Hi everyone -- just thought I'd give another update on my mom's condition, since I haven't posted in awhile.
Chemo regimen of FOLFOX continues. She tolerates it reasonably well, but it makes her very cold and very fatigued. A walk around the block with the dog zaps all her energy reserves. With every other chemo infusion she requires a 10% strength reduction because of low hemoglobin, and she has had 1 blood transfusion due to low levels. My sister (blood type match) has begun banking blood. Mom has begun losing her hair; not in chunks, but it's very thin now in comparison to her norm. Her doctor gave her a prescription for a human hair wig (couple thousand dollars! yikes!). I'm planning to get it for her birthday. Due to almost constant digestive distress, she's on a completely vegan and gluten free diet now (no meat, dairy, soy, or gluten) and she juices regularly. Weight appears low to me (she was already very thin to begin with), but does not appear visually jaundiced or yellow, so that's reassuring.
At this time the most apparent "symptom" is really her ever-increasing abdomen. Fearing this was ascites (fluid build-up) which would need to be drained, and which would be symptomatic of the early stages of organ failure, she received scans to determine how much fluid existed. These scans showed that there's virtually *no* fluid, but it's instead her extrahepatic tumor that has grown to 10cm in diameter (larger than an adult fist; about the side of a grapefruit) and is causing her belly to protrude. On her already slight frame, this makes her appear about 4 months pregnant. About a month ago, the weight of the tumor caused her stomach to collapse. As a result, she no longer feels hunger pangs, and needs to remember to eat at traditional times. She also gets full very quickly since her stomach is so compressed by the tumor.
So the question became, what to do about this tumor? It's huge and growing. Her interventional radiologist suggested a procedure called Y90. This is apparently a liver cancer therapy that consists of millions of small glass beads containing radioactive yttrium-90 being injected through a catheter into sites that are immediately local to tumor growth. The beads emit localized radiation, which is more effective and more targeted than low-dose external radiation therapy. The beads kill the tumor tissue, while preserving the healthy liver tissue. It's pretty genius, really.
The last couple of months have been spent battling with the insurance company over coverage denials for the essential Y-90 treatment that was recommended by her medical team (interventional radiologists, nuclear medicine, primary oncologist, etc.). Talk about stress! At long last (and on the 3rd and final appeal attempt!) she was finally approved for the Y90 treatment (hooray!). Preparation required her to be off chemo for at least 4 weeks leading up to the treatment date. During this time she had various tests and scans to "map" the blood vessel pathway which the millions of small glass beads containing radioactive yttrium-90 would be injected into. Blood vessels leading to her pancreas and stomach were cauterized to prevent the beads from traveling there. A "dress rehearsal" procedure was done 2 weeks ago where, after many hours of blood vessel mapping, beads containing contrasting dye were injected along the pre-determined pathways and deposited near the intended tumor sites. She was then scanned to see if the beads were positioned properly and where they needed to be. Everything looked correct, so the "real" procedure was scheduled for 11/14 (last Thursday). It was a success! The medical team advised that the procedure went "text book" well, and they positioned the radioactive beads exactly where they intended to. This is an outpatient procedure, and pain was managed with Versed. Soreness from the catheterization (entry is up through the main artery in the leg/groin area) lasts for about 2 weeks, so she's still quite sore, but has already observed belly size reduction due to the necrosis of the tumor tissue. This is of course wonderful news; the treatment appears to be working so far. The tumor tissue is supposed to continue dying off over the next few months, and she'll be scheduled for resection surgery around February. (She was determined to be unresectable a few months ago, so this is truly meaningful progress).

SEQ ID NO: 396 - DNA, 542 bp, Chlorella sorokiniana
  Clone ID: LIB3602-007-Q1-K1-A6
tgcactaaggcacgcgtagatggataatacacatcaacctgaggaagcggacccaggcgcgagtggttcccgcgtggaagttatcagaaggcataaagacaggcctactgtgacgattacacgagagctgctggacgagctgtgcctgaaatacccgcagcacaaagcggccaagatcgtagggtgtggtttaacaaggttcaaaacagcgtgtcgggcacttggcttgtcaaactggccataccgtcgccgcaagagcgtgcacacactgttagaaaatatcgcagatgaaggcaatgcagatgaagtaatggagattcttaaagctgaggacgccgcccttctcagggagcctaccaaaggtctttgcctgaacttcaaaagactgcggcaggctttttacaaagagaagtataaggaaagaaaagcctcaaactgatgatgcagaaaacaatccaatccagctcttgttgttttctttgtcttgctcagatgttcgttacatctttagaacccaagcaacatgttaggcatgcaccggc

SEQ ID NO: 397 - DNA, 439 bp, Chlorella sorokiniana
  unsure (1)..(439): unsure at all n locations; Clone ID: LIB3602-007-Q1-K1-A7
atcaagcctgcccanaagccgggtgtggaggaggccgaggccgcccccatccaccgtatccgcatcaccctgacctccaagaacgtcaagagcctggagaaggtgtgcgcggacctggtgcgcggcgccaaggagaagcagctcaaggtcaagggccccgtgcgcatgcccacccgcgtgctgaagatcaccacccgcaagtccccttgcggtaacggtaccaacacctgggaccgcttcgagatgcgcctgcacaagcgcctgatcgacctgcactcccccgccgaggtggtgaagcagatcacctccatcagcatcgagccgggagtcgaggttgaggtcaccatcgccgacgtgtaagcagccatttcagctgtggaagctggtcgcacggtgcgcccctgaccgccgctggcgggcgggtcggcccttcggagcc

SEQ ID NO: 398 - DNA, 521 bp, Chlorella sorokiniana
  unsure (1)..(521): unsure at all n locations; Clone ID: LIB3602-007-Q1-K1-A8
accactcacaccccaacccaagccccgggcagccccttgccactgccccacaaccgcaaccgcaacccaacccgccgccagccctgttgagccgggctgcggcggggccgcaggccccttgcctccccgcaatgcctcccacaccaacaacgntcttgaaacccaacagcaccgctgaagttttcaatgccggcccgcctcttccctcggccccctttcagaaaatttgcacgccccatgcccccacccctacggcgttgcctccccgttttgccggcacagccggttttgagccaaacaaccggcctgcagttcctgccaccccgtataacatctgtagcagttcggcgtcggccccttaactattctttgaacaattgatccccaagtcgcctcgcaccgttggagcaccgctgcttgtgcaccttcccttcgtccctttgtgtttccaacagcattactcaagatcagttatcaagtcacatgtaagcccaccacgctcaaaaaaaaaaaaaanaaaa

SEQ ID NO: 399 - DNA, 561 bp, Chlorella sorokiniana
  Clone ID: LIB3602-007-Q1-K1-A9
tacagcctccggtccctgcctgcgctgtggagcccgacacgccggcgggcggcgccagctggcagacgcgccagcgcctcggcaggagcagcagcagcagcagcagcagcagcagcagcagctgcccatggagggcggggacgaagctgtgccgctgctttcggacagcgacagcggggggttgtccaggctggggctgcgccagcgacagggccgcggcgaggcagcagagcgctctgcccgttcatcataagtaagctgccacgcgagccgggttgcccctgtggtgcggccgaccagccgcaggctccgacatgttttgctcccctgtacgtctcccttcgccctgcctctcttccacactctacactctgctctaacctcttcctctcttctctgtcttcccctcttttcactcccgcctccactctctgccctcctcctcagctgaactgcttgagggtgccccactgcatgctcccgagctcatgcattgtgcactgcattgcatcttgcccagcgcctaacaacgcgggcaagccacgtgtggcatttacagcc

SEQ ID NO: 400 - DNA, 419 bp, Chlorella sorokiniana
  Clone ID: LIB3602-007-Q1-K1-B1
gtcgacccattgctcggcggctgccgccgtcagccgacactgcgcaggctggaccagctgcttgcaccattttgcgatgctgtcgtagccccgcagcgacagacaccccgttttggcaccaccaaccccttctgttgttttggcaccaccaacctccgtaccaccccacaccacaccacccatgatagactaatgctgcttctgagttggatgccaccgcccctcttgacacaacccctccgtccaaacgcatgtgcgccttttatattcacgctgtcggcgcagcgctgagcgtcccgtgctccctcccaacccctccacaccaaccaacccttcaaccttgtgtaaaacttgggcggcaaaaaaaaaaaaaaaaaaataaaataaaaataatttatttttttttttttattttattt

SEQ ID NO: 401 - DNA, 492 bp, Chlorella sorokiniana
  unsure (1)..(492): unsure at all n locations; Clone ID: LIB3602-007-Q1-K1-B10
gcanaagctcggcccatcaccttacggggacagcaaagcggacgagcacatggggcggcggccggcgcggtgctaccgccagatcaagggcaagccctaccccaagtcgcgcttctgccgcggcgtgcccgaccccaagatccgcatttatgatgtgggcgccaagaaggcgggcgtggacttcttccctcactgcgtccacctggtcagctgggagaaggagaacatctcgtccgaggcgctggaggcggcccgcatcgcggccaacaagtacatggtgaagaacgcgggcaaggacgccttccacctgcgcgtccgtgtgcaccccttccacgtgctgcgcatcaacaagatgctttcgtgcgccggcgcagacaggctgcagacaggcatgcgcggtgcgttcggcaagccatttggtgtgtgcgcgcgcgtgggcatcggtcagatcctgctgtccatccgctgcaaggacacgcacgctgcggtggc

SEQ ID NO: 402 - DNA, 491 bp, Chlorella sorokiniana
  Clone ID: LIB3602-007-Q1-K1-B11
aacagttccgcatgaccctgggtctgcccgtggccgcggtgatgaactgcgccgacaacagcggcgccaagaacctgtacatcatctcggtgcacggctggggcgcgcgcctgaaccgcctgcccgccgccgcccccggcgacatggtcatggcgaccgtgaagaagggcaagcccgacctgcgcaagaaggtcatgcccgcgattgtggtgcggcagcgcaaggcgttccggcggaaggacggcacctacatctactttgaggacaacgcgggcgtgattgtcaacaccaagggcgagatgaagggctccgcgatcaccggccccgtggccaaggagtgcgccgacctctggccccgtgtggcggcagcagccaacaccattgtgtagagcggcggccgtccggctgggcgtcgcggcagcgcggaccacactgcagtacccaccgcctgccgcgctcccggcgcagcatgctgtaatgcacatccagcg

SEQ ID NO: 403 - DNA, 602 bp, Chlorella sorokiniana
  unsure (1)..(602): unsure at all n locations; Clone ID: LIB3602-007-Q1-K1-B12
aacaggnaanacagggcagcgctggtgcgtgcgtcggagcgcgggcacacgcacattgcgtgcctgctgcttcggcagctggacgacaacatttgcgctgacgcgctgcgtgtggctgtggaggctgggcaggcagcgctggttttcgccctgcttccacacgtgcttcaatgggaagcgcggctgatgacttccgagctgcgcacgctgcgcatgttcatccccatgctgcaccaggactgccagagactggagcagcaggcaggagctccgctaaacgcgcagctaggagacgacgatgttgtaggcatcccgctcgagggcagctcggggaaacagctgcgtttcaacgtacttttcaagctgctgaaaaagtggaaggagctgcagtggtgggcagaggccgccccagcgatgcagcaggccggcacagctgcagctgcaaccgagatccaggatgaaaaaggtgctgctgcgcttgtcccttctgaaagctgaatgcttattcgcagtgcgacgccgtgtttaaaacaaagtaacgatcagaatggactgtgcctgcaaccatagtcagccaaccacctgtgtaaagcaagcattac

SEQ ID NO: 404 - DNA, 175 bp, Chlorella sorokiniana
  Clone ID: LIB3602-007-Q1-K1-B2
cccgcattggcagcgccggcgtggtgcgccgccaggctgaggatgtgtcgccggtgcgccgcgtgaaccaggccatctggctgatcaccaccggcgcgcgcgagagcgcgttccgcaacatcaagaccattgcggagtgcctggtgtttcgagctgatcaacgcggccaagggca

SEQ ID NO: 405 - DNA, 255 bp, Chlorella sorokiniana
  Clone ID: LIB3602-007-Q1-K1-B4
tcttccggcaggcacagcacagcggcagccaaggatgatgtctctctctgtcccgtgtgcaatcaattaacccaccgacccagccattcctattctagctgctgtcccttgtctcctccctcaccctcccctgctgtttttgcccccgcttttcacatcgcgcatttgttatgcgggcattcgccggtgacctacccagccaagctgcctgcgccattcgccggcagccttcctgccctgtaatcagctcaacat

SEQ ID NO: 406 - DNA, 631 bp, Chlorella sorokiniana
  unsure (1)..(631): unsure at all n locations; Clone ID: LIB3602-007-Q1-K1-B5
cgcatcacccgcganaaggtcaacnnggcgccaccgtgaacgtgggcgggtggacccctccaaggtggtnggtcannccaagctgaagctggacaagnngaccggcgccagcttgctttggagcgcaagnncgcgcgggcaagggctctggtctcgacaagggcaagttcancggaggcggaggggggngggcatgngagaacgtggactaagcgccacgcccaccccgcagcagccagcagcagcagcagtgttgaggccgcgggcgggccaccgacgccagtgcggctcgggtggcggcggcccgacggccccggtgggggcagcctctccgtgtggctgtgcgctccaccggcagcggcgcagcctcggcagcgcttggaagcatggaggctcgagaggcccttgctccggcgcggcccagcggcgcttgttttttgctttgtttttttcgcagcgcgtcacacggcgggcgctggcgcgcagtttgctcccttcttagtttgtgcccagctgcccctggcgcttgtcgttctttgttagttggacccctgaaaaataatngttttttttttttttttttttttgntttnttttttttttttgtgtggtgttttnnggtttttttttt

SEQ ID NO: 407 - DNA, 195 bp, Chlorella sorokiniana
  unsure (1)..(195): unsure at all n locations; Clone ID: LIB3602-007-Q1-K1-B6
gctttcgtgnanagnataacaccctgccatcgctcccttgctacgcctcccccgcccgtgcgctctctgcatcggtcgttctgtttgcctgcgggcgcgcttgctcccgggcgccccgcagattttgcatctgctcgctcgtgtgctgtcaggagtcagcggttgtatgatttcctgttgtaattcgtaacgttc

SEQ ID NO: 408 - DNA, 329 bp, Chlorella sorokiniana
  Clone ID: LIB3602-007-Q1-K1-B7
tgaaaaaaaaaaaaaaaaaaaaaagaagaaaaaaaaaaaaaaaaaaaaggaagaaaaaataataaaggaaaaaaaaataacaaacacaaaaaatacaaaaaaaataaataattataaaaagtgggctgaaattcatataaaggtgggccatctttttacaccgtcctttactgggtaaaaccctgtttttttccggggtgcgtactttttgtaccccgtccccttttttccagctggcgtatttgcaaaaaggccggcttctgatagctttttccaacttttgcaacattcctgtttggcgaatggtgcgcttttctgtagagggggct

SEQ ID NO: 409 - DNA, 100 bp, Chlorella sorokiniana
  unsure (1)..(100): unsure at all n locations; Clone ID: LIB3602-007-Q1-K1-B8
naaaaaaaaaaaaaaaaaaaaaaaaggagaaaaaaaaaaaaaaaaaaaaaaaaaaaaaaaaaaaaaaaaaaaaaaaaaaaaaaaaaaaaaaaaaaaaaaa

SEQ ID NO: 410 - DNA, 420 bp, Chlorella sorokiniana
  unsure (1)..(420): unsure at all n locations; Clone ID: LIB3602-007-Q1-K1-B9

Another update: the results of her genetic sequencing report indicate that she has NO abnormalities among the current 'known' mutation pathways. However, she's still going to be tested for Lynch Syndrome to rule out a genetic predisposition to colorectal and/or GI cancers, given her father's diagnosis of colon cancer at age 57 which brought about his death at age 59 1/2 (his had mets to liver and lung). Will advise more on that once the results are in.
I held a fundraiser at work and we raised $2,500 for The Cholangiocarcinoma Foundation, which was great for bringing awareness to bile duct cancer. The mother of one of my colleagues was also recently diagnosed with this very disease, which certainly seems to suggest that incidences are rising.
My mother's attitude remains resolute, happy, positive, upbeat, grateful, thankful, calm, and hopeful. If attitude is everything, she's nailing it!
Will post again once I have more to say; this about brings everything current with my family's situation.
Hang in there, everyone!